3. A vertical axis wind turbine according to claim 1, wherein each blade comprises a leading airfoil and a trailing airfoil.
4. A vertical axis wind turbine according to claim 3, wherein the leading and the trailing airfoils are in a configuration where a line normal to the center axis and tangential to a trailing edge of the leading airfoil intersects the trailing airfoil at about one quarter of a chord length thereof.
5. A vertical axis wind turbine according to claim 1, further comprising a magnetic bearing supporting the shaft, the magnetic bearing configured to allow the shaft to rotate about the center axis and to stabilize the shaft in a vertical orientation.
6. A vertical axis wind turbine according to claim 5, wherein the magnetic bearing is a passive magnetic bearing.
7. A vertical axis wind turbine according to claim 5, wherein the magnetic bearing is an active magnetic bearing.
8. A vertical axis wind turbine according to claim 7, further comprising a control module and a battery in electrical communication with the active magnetic bearing, the control module configured to stabilize the shaft.
9. A vertical axis wind turbine according to claim 1, further comprising a one-way bearing configured to translate rotation of the shaft to the rotor of the generator.
10. A vertical axis wind turbine according to claim 1, wherein the generator is a permanent magnet generator.
11. A vertical axis wind turbine according to claim 1, further comprising a radar-absorbing mesh laterally enclosing the blades, the mesh configured to reduce radar reflective scrambling interference by eliminating random wave return from the blades.
12. A vertical axis wind turbine, comprising:
a top plate and a bottom plate in coaxial alignment along a center axis, the center axis being perpendicular to both the top and the bottom plates;
a plurality of blades disposed between the top and the bottom plates in a symmetrical configuration about the center axis, each blade comprising a leading and a trailing cambered airfoils, wherein a camber line at a leading edge of each airfoil is perpendicular to a normal to the center axis and the leading edge is closer to the center axis than the trailing edge;
a shaft attached to the bottom plate, the shaft being in coaxial alignment with the center axis;
a magnetic bearing supporting the shaft, the magnetic bearing configured to allow the shaft to rotate about the center axis;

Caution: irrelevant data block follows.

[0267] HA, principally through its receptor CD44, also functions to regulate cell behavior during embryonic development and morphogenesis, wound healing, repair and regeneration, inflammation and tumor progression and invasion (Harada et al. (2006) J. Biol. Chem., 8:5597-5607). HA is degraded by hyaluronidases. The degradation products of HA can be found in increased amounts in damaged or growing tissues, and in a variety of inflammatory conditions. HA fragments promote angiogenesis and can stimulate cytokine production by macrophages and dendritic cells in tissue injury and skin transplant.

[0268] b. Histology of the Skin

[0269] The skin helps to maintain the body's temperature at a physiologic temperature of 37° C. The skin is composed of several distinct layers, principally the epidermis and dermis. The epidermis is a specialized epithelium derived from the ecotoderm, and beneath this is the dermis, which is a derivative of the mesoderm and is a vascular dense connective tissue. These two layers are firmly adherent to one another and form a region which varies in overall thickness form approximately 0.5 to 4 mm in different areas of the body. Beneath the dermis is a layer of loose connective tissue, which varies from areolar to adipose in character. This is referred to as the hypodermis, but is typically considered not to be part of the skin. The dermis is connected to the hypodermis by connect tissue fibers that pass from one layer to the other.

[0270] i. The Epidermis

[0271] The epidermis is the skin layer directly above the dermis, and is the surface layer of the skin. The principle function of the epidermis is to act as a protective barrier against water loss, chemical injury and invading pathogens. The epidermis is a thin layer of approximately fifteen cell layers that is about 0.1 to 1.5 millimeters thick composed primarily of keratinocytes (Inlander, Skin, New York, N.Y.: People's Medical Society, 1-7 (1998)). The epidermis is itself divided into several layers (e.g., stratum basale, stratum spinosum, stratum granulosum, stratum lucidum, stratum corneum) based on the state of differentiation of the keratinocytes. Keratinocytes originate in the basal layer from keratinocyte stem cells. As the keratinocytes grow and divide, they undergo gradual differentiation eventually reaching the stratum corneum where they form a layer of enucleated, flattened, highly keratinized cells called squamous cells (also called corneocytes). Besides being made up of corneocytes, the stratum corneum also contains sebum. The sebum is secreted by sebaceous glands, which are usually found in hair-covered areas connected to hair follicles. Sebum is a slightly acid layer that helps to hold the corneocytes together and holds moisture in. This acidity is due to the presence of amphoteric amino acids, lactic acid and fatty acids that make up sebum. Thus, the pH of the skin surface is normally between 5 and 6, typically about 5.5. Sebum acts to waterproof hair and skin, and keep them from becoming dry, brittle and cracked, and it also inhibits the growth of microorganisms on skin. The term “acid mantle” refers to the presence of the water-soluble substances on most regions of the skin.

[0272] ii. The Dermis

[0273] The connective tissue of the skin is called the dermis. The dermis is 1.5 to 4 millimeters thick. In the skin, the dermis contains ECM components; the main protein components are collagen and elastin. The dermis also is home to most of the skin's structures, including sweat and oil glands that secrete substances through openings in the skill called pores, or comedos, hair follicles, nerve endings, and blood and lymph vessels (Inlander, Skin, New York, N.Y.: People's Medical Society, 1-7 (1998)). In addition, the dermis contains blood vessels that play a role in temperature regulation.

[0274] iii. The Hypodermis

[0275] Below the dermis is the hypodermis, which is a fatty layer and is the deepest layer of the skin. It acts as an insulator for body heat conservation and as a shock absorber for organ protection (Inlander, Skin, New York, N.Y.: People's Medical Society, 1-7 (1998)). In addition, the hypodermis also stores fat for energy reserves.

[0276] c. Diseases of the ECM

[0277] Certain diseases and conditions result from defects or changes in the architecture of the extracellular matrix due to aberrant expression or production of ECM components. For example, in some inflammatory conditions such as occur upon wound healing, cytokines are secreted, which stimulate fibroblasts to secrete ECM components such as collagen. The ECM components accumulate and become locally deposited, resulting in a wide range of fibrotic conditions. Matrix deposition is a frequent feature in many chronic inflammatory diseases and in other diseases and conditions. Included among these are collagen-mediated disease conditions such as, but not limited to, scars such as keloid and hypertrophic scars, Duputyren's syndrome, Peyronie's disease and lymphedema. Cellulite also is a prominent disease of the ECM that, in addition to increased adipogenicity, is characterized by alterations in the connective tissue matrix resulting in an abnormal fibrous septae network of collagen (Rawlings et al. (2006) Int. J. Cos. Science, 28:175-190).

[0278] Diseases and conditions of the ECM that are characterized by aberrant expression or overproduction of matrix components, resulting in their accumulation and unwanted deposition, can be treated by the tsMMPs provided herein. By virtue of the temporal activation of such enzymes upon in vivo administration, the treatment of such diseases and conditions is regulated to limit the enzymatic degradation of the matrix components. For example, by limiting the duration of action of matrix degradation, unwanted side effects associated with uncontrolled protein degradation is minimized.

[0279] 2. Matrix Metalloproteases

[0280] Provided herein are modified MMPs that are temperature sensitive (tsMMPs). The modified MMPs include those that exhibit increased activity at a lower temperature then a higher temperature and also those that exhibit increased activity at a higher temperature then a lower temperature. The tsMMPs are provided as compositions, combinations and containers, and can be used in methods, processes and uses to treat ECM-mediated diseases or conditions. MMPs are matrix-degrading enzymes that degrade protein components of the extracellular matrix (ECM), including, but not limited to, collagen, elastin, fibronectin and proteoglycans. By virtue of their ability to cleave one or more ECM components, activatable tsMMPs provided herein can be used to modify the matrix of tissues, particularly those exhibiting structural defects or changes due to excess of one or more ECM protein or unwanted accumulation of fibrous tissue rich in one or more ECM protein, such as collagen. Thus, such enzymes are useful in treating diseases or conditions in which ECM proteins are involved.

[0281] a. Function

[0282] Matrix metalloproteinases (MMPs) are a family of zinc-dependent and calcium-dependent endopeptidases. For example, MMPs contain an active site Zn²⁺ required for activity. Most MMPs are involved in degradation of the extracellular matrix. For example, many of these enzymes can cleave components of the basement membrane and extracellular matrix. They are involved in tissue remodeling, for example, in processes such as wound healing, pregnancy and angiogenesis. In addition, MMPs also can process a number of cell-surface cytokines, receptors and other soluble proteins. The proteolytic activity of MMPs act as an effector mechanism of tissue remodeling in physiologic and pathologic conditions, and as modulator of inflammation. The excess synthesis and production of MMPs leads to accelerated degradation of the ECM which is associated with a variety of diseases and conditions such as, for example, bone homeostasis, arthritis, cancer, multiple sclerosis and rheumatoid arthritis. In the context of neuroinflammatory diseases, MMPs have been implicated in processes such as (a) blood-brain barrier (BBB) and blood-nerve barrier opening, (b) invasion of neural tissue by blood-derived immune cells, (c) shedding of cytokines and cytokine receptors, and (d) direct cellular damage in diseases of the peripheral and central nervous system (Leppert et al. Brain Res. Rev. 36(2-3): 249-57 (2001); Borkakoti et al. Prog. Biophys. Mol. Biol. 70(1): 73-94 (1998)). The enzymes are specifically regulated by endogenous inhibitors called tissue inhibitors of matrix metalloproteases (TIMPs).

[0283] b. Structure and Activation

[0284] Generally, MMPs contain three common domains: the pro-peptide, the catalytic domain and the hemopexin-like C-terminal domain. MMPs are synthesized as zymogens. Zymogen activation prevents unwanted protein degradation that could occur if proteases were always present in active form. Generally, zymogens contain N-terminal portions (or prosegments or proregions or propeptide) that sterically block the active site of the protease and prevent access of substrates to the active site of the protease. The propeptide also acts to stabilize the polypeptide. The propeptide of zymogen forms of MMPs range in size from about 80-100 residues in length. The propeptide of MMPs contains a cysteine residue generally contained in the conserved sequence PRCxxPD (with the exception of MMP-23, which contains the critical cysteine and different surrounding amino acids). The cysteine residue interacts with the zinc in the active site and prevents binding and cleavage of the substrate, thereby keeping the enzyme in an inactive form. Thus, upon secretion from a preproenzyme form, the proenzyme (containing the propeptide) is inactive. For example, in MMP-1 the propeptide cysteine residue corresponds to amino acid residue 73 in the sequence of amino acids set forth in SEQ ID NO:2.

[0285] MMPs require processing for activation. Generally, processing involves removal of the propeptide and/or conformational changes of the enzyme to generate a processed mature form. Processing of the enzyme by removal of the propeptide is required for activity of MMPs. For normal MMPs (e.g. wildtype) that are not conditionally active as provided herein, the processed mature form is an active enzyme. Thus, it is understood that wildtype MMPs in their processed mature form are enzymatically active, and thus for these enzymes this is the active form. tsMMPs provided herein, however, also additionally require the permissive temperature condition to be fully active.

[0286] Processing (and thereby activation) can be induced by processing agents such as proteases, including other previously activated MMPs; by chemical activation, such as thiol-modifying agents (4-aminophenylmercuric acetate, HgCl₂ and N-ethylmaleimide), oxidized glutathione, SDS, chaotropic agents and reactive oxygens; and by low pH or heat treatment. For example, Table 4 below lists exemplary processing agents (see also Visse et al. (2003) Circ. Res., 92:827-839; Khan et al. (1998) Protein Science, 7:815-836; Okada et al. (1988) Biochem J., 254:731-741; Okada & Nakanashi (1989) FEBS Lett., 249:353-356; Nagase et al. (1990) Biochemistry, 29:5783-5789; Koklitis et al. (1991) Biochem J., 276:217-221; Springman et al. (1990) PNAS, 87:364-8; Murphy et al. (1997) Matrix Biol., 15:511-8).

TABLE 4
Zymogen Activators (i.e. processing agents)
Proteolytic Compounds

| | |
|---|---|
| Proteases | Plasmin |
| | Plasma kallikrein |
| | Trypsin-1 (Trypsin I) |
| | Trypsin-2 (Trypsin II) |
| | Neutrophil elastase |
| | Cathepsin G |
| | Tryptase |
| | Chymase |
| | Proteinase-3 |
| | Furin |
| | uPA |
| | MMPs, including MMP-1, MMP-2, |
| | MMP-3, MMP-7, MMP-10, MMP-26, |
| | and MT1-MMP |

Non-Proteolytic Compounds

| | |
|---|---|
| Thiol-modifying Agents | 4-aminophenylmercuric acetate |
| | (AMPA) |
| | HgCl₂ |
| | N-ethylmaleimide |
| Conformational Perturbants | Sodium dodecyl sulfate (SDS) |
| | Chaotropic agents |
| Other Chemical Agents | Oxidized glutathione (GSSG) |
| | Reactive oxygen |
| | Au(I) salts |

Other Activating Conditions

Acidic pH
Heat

a permanent magnet generator having a stator and a rotor, the rotor being driven by the shaft via a one-way bearing, wherein no gears are being used to translate rotational motion of the shaft to the rotor, the rotor and the shaft having the same angular velocity.
13. A vertical axis wind turbine according to claim 12, wherein the leading and the trailing cambered airfoils are in a configuration where a line normal to the center axis and tangential to a trailing edge of the leading airfoil intersects the trailing airfoil at about one quarter of a chord length thereof.
14. A vertical axis wind turbine according to claim 12, wherein the magnetic bearing is a passive magnetic bearing.
15. A vertical axis wind turbine according to claim 12, wherein the magnetic bearing is an active magnetic bearing.
16. A vertical axis wind turbine according to claim 15, further comprising a control module and a battery in electrical communication with the active magnetic bearing, the control module configured to stabilize the shaft.
17. A vertical axis wind turbine according to claim 12, further comprising a radar-absorbing mesh laterally enclosing the blades, the mesh configured to reduce radar reflective scrambling interference by eliminating random wave return from the blades.
18. A vertical axis wind turbine according to claim 12, further comprising a fluidly sealed housing enclosing the generator and the magnetic bearing.
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US20160153308A1 (en) * 2013-07-31 2016-06-02 Claudio MUNERATO Auxiliary generator of electrical energy